🌳 Scope Hoisting

What scope hoisting is and how it enables smaller builds and ESM output

Parcel can remove unused JS code with both CommonJS and ES modules, and unused CSS modules classes.

ΒΆ Tips for smaller/faster builds

ΒΆ Wrapped Assets

There are a few cases where an asset needs to be wrapped, that is moved inside a function. This negates some advantages of scope-hoisting.

ΒΆ sideEffects: false

When sideEffects: false is specified in package.json (in most cases of some library), Parcel can skip processing some assets entirely (e.g. not even transpiling the lodash function that weren't imported) or not include them in the output bundle at all (e.g. because that asset merely does reexporting).

ΒΆ Motivation and Advantages of Scope Hoisting

For a long time, many bundlers (like Webpack and Browserify, but not Rollup) achieved the actual bundling by wrapping all assets in a function, creating a map of all included assets and providing a CommonJS runtime. A (very) simplified example of that:

(function (modulesMap, entry) {
// internal runtime
})(
{
"index.js": function (require, module, exports) {
var { Foo } = require("./thing.js");
var obj = new Foo();
obj.run();
},
"thing.js": function (require, module, exports) {
module.exports.Foo = class Foo {
run() {
console.log("Hello!");
}
};
module.exports.Bar = class Bar {
run() {
console.log("Unused!");
}
};
},
},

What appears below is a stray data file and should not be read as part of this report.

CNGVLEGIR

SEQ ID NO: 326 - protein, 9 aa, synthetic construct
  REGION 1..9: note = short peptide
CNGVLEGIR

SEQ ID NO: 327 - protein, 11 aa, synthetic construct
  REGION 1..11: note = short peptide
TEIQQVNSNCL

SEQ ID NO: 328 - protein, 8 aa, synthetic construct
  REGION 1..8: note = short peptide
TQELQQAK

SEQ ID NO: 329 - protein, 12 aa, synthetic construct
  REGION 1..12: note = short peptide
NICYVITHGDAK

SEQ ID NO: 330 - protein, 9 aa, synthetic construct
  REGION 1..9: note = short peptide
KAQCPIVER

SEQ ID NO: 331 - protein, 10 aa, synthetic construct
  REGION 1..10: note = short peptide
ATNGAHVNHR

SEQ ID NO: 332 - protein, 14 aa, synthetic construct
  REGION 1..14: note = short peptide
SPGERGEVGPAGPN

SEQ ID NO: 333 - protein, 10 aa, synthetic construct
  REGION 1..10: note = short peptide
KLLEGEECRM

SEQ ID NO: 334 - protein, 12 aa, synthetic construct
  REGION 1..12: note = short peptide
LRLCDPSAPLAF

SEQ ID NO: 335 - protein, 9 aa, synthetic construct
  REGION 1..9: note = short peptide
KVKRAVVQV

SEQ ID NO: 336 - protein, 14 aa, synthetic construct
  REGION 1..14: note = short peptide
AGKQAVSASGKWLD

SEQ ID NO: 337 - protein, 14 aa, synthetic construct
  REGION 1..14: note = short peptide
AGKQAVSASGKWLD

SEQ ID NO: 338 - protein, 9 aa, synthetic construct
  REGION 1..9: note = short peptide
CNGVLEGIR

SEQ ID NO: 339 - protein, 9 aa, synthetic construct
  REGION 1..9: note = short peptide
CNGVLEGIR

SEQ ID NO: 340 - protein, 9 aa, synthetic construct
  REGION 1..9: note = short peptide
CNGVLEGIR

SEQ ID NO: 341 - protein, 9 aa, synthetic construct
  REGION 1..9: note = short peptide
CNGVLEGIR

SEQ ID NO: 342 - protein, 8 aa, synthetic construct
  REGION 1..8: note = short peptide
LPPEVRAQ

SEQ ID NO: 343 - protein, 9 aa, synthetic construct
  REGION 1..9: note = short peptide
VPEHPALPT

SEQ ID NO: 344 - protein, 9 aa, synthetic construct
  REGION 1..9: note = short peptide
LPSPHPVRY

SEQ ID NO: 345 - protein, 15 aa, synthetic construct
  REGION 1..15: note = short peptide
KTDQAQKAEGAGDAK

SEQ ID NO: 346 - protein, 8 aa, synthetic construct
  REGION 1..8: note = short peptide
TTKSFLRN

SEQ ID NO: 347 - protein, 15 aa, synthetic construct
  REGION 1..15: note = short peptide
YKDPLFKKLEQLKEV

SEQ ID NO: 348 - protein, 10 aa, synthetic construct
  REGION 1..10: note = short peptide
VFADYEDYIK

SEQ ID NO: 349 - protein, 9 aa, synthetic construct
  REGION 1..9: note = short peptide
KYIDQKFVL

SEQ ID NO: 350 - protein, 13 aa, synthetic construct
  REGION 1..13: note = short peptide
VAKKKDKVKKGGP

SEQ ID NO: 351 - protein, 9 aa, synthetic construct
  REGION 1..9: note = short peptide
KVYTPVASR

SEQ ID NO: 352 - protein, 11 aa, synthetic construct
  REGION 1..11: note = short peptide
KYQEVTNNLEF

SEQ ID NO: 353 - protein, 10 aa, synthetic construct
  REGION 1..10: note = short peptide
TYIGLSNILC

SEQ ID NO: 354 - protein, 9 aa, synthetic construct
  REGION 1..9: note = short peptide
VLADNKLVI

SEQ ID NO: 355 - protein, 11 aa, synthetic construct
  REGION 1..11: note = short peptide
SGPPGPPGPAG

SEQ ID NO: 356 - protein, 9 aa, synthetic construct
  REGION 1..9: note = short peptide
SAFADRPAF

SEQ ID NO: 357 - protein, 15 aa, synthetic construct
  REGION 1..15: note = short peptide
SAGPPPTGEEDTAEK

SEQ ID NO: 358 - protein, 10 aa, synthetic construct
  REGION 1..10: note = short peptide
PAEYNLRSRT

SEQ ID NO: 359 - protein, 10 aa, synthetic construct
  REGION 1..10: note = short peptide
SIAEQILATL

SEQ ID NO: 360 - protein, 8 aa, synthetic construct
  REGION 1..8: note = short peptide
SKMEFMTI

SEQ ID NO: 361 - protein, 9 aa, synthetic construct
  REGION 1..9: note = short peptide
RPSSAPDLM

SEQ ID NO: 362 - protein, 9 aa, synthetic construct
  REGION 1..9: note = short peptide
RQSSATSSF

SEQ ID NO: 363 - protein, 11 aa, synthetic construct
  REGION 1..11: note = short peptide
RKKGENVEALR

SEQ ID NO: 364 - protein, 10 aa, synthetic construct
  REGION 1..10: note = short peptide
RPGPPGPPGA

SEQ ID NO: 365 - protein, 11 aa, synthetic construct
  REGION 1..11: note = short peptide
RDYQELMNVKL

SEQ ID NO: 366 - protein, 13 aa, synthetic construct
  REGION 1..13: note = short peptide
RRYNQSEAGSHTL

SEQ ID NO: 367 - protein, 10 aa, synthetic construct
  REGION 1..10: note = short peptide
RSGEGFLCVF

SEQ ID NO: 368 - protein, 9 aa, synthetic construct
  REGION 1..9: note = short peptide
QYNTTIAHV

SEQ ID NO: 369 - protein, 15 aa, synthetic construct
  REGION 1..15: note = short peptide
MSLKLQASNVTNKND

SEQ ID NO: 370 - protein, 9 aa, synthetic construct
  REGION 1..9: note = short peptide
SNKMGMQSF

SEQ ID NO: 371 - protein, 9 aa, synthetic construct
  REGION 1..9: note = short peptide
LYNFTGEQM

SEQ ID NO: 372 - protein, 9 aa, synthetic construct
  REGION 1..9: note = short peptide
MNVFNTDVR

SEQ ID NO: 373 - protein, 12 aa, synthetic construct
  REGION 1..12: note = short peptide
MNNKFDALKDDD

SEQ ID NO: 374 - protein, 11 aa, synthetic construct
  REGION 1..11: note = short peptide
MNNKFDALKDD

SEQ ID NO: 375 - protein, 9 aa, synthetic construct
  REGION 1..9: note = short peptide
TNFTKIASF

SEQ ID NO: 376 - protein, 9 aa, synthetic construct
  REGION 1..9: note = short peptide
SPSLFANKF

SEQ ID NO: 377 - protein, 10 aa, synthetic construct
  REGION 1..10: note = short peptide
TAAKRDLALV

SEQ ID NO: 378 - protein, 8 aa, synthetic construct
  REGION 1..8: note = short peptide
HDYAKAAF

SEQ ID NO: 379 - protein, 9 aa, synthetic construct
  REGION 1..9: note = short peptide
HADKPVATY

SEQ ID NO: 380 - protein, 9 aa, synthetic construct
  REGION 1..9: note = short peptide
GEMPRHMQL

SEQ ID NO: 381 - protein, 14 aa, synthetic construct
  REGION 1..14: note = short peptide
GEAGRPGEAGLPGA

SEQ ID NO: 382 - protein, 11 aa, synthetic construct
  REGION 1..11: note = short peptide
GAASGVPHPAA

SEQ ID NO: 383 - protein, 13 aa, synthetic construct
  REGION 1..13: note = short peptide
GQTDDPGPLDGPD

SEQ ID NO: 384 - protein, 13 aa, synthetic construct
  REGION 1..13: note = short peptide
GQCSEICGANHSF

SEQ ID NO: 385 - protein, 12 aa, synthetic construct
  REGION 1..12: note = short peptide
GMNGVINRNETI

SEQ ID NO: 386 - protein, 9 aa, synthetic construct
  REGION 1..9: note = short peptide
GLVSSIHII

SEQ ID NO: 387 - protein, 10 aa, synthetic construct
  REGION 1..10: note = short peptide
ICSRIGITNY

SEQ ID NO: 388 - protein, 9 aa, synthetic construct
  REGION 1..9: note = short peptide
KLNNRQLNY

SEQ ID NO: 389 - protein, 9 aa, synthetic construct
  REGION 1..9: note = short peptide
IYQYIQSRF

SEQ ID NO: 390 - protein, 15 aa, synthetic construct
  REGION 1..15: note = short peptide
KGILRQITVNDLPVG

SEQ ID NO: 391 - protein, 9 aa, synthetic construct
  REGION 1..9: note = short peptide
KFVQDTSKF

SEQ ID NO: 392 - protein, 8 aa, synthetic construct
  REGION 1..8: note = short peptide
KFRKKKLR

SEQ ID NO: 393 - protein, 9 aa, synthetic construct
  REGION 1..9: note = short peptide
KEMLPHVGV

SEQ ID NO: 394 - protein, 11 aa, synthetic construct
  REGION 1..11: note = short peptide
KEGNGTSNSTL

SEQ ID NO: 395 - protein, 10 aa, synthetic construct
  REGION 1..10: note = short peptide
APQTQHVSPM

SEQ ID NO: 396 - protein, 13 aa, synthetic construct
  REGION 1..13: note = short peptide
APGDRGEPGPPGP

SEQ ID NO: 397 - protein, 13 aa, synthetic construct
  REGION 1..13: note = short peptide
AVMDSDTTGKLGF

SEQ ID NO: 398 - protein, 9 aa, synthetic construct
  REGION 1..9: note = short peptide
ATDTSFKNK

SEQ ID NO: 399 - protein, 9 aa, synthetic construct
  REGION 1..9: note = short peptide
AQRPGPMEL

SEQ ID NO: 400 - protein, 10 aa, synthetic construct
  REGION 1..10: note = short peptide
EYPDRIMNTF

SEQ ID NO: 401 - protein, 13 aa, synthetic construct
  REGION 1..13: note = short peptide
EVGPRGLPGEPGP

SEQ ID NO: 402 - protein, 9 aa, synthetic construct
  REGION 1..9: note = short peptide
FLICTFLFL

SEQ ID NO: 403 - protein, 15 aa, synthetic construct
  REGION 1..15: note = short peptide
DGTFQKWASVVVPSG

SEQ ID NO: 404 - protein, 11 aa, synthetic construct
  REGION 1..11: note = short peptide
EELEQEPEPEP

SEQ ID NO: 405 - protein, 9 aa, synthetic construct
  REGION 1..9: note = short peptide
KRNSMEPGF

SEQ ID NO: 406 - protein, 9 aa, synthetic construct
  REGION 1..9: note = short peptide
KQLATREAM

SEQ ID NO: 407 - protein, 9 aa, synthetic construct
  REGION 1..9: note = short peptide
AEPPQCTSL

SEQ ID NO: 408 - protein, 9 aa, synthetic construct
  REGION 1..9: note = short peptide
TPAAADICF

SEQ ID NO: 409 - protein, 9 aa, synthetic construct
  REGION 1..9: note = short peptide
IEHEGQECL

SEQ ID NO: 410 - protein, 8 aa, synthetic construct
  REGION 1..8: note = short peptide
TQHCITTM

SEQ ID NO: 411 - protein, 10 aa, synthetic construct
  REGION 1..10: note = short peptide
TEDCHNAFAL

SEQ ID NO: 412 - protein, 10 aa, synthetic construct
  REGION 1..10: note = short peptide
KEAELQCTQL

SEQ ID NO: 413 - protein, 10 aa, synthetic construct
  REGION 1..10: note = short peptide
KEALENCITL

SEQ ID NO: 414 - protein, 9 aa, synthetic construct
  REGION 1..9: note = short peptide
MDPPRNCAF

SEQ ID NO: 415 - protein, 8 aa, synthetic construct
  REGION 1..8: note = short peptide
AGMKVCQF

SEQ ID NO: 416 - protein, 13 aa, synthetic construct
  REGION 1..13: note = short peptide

"index.js"
);

This mechanism has both advantages and disadvantages:

ΒΆ Solution

Instead, the individual assets are concatenated directly in the top-level scope:

// thing.js
var $thing$export$Foo = class {
run() {
console.log("Hello!");
}
};
var $thing$export$Bar = class {
run() {
console.log("Unused!");
}
};

// index.js
var $index$export$var$obj = new $thing$export$Foo();
$index$export$var$obj.run();

As you can see, the top-level variables from the assets need to be renamed to have a globally unique name.

Now, removing unused exports has become trivial: the variable $thing$export$Bar is not used at all, so we can safely remove it (and a minifier like Terser would do this automatically), this step is referred to as tree shaking.

The only real downside is that builds take quite a bit longer and also use more memory than the wrapper-based approach (because every single statement needs to be modified and the bundle as a whole needs to remain in memory during the packaging).